In the sierra, seasons are defined more by rainfall. The rainy season is generally November through March. The driest months are May through September. In both seasons, temperatures during the day are moderate, while nights are cool.
Lima, the capital, is a large, cosmopolitan city on the coast that offers a blend of colonial history, the challenges of any big city, extremes of wealth and poverty, and the amenities and cultural life of a major capital.
Most social activities revolve around daily and special events in the community, including religious holidays and processions. Volunteers are often invited to join family and community events such as birthday parties and sports activities, or just to chat over coffee.
Integrating into your community is the key to an enjoyable and rich experience as a Volunteer. By building solid relationships— through both your work assignment and interaction with Peruvian neighbors and other community members—you will have greater opportunities to participate in social activities.
You will need to develop a keen awareness of Peruvian culture and customs. Many celebrations and other social events include significant alcohol consumption. In the interest of safety, you will have to exercise careful judgment when under social pressure to drink.
The Peace Corps prohibits the use of all illegal drugs, including marijuana, by Peace Corps Volunteers and trainees. The government of Peru, with the support of the United States, has taken a strong stand against the illegal cultivation of coca and the use of illegal drugs. It has passed stringent anti-drug laws that mandate stiff prison sentences for possession and use of drugs. Any invitee who feels compelled to use illegal substances should not accept an invitation to serve as a Peace Corps Volunteer.
Professionalism, Dress, and Appearance
Peruvians take great pride in being neat, clean, and well-groomed, and Volunteers should follow the example of Peruvians at their work site and in their community. Inappropriate dress or grooming is considered disrespectful, may make Peruvians less receptive to you, and may single you out and put you in danger.
During training, and occasionally as a Volunteer, there will be times when it is appropriate for men to wear jackets and ties and for women to wear dresses or slacks and a blouse. In classroom and office settings in cities and larger towns, attire should be professionally casual—skirts or slacks for women, slacks and button-down shirts with collars for men. Work clothes at field or rural sites will be more informal—for example, men and women may wear jeans and boots. Clothes should always be neat and clean.
The climate impacts dress significantly. In warmer areas, men will wear short-sleeved shirts and women sleeveless blouses and dresses. In colder areas, men and women wear sweaters and jackets. It is best to bring a variety of clothing that can be layered.
Shorts are generally worn only in the home, at the beach, or in other informal settings, not on the street. Piercings, other than pierced ears for women (one per ear), are uncommon and may make the Volunteer an unwanted source of attention. The same goes for visible tatoos. It is preferable that male Volunteers not have ponytails, long hair, or beards, but if so, hair must be neatly groomed, and beards must be neat and trimmed.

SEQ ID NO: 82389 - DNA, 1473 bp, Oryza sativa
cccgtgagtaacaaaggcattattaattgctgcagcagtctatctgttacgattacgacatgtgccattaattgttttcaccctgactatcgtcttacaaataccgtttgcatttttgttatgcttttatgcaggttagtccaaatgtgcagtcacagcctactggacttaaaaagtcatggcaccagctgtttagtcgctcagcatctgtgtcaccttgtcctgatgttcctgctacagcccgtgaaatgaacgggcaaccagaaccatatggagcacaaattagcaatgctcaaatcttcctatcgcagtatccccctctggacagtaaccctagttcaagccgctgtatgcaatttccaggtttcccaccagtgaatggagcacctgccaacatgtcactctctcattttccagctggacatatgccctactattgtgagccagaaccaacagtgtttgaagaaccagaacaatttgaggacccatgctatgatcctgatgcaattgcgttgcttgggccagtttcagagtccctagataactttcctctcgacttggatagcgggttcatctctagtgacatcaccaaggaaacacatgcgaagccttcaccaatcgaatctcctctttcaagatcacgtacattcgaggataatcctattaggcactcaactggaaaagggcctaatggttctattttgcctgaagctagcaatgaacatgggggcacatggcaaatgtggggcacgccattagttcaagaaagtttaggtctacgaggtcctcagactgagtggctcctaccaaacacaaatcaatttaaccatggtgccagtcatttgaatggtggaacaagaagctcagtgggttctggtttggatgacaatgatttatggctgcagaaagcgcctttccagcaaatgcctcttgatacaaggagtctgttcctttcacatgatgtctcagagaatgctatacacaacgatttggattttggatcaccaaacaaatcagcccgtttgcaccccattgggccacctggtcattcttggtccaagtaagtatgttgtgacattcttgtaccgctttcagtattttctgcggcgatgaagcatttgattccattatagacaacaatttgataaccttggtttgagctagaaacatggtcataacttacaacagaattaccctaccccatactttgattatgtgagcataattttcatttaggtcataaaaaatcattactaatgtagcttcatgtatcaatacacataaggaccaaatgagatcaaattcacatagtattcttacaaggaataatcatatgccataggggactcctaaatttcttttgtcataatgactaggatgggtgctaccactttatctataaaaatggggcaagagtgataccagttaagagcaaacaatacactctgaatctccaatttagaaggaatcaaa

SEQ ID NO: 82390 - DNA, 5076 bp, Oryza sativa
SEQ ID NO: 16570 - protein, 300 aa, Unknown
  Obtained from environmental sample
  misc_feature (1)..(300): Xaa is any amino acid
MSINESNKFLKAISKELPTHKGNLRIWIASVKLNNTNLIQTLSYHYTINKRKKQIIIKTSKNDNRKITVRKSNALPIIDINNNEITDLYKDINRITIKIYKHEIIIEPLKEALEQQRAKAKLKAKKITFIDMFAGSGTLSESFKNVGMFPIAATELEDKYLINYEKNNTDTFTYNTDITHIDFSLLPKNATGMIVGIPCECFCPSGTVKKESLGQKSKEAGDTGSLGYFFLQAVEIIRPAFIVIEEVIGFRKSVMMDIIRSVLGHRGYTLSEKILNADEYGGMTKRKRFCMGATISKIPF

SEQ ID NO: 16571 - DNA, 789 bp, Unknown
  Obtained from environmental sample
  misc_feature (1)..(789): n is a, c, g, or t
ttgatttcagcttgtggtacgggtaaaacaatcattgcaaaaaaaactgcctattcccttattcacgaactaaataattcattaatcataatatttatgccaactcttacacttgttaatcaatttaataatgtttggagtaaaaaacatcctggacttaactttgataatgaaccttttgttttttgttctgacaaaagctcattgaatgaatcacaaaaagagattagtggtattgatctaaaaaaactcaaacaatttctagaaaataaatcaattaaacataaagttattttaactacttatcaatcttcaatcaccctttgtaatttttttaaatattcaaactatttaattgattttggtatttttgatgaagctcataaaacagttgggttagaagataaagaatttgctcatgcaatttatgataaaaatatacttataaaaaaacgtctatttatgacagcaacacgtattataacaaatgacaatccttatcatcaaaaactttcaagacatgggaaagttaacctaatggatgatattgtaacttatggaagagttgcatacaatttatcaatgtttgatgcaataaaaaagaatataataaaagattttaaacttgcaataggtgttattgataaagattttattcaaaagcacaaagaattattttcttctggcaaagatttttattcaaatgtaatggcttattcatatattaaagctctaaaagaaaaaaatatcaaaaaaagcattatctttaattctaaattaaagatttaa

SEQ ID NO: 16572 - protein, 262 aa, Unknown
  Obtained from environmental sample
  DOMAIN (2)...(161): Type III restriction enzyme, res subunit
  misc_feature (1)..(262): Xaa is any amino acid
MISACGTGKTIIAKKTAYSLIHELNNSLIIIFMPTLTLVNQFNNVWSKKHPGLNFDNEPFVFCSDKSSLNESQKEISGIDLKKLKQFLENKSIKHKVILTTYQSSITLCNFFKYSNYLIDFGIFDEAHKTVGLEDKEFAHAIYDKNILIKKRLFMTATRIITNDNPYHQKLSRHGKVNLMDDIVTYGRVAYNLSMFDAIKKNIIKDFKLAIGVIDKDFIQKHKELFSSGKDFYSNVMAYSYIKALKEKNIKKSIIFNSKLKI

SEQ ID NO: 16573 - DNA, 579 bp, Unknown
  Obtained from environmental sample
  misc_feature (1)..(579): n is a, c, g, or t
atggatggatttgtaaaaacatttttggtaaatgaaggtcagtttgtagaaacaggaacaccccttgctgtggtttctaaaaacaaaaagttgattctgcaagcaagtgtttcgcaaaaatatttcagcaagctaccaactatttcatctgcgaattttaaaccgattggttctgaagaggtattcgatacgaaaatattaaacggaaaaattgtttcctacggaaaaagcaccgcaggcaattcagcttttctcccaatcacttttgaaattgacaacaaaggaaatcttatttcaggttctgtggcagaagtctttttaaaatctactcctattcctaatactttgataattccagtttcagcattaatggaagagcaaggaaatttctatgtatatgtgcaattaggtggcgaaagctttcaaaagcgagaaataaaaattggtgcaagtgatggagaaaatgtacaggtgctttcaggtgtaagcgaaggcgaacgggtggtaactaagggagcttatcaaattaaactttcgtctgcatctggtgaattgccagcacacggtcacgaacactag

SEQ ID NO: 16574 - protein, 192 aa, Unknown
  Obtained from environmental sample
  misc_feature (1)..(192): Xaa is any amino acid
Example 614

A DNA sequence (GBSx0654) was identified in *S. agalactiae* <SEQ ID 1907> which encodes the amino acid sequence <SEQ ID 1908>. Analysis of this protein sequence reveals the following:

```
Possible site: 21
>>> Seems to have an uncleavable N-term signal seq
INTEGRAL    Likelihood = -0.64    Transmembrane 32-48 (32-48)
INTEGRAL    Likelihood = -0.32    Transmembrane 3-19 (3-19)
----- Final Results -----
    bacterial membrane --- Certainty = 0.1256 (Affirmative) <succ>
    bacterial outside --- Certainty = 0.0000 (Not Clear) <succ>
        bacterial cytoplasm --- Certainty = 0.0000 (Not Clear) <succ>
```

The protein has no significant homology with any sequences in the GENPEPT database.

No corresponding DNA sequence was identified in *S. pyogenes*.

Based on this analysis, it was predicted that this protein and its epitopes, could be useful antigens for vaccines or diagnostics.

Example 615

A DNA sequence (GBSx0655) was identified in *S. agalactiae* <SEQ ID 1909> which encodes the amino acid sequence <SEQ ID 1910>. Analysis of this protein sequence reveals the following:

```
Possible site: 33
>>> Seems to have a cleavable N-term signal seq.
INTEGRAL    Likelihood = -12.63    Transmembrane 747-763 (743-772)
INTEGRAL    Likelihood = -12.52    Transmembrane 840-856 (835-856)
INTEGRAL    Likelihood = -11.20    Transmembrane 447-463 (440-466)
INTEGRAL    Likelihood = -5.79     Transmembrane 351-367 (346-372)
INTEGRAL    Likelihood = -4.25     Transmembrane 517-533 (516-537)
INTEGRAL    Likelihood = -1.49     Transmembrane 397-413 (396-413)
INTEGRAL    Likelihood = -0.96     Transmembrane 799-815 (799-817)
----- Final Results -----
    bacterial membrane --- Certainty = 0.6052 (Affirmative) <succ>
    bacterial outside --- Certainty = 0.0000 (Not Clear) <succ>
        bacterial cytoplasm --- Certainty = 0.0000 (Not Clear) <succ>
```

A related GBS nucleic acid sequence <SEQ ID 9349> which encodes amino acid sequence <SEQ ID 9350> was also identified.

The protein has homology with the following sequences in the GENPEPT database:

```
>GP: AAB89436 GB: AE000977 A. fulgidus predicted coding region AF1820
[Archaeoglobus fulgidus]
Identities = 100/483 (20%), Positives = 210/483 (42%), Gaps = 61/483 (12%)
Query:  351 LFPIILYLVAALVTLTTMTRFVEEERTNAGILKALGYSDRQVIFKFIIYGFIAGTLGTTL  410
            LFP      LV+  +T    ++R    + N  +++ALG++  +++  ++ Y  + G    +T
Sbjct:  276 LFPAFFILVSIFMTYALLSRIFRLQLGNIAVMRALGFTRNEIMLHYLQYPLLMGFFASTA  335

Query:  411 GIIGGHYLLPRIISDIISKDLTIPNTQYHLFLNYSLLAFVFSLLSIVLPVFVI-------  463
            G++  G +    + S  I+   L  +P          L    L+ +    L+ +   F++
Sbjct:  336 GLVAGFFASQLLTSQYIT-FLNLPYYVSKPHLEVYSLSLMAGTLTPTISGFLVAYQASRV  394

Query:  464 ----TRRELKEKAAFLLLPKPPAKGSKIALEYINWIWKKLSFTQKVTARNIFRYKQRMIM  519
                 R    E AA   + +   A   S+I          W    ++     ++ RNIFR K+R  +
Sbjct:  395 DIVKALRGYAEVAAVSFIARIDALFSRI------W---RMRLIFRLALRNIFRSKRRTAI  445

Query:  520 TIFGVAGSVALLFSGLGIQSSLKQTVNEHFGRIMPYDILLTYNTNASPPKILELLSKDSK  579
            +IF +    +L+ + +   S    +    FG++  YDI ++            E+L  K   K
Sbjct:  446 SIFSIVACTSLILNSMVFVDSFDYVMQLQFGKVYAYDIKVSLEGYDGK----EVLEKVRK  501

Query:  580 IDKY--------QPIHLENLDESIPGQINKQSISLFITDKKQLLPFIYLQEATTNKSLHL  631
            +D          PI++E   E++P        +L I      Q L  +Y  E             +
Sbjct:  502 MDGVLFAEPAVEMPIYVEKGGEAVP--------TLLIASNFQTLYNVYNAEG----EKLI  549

Being a Peace Corps Volunteer entails certain safety risks. Living and traveling in an unfamiliar environment, having a less-than-perfect understanding of local language and culture, and being perceived as well-off are some of the factors that can put a Volunteer at risk. Volunteers experience varying degrees of unwanted attention and harassment. Although most Volunteers complete their two years of service in Peru without any personal security incidents, petty thefts and burglaries do occur, and incidents of physical and sexual assault have occasionally occurred. The Peace Corps has established procedures, policies, and training designed to help you reduce your risks and enhance your safety and security. At the same time, you are expected to take the primary responsibility for your safety and well-being. More information on these topics can be found in the Health Care and Safety chapter.
Rewards and Frustrations
It takes sensitivity and effort to establish your credibility, both as a professional and as a member of your community. With most Peruvians, you will need to develop friendly social relations before you can proceed with satisfactory work relations. Volunteers in Peru must demonstrate flexibility and maturity, the ability to deal with uncertainty and ambiguity, an optimistic attitude, and a sense of humor.
Successfully addressing the challenges of Peace Corps service depends in large part on the attitude of the individual Volunteer. Some common occurrences that you may find annoying or frustrating include having to repeatedly explain your role as a Volunteer, limited technical support from your counterparts, numerous delays during the course of your work and daily life, lack of privacy, gossip about you, and perceptions that you are a wealthy foreigner.
Other frustrations faced by Volunteers result from inadequate infrastructure, including poor roads, infrequent and unreliable public transportation, poor communications, and lack of access to water and sanitation facilities. Volunteers also may get bothered by community health and hygiene practices, antiquated educational approaches, and an inappropriate dependence on external resources.
On the other hand, there are few more enriching experiences than living and working in a new culture, interacting with people different from you, developing an awareness of diverse values, and helping others to better their lives. Volunteers find that the rewards of Peace Corps service far outweigh the challenges. Most Volunteers report a high level of personal satisfaction in developing new technical and language skills, discovering formerly untapped personal strengths and abilities, broadening their global perspective, deepening their cultural understanding, and helping others live happier, healthier, more productive lives.